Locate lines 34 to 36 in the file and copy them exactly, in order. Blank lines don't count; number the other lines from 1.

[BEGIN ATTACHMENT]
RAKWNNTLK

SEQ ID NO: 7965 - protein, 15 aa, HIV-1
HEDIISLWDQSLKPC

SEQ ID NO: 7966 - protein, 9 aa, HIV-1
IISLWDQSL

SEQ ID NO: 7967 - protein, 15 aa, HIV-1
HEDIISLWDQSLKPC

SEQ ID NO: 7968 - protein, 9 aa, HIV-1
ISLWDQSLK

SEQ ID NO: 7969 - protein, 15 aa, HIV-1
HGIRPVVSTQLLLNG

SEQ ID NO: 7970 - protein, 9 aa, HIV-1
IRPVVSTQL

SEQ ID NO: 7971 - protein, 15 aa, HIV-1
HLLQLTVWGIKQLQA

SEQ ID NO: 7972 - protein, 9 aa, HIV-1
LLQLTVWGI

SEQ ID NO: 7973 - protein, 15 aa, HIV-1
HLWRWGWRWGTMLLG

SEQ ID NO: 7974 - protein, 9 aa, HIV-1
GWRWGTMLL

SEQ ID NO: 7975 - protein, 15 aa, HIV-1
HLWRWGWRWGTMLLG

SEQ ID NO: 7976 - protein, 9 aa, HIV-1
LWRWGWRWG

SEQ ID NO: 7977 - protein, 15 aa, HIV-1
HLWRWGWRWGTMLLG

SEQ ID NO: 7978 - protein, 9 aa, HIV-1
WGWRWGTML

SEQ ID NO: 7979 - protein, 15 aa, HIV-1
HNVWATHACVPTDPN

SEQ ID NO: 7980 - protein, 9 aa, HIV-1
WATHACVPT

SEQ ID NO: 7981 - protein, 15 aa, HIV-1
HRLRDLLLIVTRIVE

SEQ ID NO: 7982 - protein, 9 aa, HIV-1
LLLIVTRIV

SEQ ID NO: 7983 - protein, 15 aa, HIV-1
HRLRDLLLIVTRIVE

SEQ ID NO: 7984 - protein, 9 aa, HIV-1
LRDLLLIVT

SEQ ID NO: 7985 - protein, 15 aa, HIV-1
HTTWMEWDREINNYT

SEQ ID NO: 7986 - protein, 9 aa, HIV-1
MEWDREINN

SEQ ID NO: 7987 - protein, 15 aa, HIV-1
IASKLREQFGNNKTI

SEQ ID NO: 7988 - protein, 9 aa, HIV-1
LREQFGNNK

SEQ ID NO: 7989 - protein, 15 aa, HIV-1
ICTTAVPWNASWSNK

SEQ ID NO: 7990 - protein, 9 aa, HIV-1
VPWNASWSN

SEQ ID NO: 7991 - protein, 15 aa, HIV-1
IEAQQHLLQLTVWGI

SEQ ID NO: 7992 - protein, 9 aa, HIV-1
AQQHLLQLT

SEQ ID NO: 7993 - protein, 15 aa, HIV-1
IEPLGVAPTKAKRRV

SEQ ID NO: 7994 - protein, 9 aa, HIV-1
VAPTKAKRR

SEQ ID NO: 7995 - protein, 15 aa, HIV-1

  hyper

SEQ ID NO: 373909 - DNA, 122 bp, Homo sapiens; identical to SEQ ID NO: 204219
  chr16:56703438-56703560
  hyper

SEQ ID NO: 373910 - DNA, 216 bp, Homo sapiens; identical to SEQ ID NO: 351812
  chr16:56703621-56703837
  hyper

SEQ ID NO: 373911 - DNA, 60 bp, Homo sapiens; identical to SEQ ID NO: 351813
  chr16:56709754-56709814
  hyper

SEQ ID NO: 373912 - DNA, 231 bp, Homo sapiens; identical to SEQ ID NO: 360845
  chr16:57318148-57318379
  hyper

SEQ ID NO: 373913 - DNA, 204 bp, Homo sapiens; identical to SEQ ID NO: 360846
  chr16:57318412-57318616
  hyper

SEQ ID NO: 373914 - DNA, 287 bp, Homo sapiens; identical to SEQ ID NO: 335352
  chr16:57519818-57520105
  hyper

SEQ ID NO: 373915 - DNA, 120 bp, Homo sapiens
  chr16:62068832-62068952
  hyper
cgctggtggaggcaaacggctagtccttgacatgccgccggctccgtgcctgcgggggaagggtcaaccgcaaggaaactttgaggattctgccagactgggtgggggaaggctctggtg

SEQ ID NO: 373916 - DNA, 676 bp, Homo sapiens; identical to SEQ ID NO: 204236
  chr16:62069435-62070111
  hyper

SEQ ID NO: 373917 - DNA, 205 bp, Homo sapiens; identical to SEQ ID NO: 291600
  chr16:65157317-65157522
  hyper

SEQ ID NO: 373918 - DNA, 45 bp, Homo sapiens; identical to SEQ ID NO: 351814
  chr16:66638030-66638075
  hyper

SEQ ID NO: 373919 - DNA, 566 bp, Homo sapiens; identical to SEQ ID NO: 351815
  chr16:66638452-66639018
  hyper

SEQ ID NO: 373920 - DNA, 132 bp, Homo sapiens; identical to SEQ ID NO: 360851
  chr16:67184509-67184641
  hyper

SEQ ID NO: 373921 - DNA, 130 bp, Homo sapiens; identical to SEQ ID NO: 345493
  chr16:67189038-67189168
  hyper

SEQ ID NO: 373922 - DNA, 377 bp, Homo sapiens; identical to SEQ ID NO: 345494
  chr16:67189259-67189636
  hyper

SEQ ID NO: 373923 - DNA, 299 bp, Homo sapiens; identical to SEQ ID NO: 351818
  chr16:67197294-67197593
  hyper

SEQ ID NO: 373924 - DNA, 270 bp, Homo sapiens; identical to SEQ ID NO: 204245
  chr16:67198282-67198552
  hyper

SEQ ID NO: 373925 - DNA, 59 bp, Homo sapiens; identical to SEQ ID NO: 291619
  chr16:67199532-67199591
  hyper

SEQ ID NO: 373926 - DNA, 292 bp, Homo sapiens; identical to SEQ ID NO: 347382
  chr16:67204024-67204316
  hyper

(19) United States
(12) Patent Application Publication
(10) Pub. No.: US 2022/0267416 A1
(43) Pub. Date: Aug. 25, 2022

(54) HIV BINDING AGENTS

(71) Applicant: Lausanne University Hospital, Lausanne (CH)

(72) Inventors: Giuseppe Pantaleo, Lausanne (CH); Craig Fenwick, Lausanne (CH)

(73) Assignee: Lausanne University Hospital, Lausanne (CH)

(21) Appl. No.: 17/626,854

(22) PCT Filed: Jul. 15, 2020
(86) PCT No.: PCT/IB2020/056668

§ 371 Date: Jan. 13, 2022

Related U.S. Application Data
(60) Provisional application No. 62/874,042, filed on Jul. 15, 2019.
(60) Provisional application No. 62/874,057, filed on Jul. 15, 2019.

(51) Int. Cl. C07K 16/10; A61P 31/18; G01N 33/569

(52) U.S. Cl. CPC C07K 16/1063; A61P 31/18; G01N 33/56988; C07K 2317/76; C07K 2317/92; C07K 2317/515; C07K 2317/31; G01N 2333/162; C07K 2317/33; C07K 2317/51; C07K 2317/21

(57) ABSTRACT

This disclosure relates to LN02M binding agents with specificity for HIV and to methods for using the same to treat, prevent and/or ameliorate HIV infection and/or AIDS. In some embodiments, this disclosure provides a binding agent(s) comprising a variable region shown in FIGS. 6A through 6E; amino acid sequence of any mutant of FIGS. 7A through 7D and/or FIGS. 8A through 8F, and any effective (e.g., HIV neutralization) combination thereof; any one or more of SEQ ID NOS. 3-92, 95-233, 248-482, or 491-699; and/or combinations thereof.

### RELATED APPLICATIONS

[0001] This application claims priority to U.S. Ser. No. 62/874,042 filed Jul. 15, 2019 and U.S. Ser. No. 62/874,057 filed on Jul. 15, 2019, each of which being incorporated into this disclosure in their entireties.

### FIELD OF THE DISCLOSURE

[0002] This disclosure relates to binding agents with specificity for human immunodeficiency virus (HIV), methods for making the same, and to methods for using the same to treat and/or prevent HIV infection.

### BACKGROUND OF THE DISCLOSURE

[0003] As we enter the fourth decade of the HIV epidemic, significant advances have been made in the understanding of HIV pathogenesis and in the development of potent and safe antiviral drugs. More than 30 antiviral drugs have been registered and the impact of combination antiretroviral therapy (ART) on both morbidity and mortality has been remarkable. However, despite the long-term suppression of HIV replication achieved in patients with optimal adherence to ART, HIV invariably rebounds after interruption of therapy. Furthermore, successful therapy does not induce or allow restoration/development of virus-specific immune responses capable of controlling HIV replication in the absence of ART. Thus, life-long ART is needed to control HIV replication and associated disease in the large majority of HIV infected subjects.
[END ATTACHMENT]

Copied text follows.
SEQ ID NO: 7981 - protein, 15 aa, HIV-1
HRLRDLLLIVTRIVE

SEQ ID NO: 7982 - protein, 9 aa, HIV-1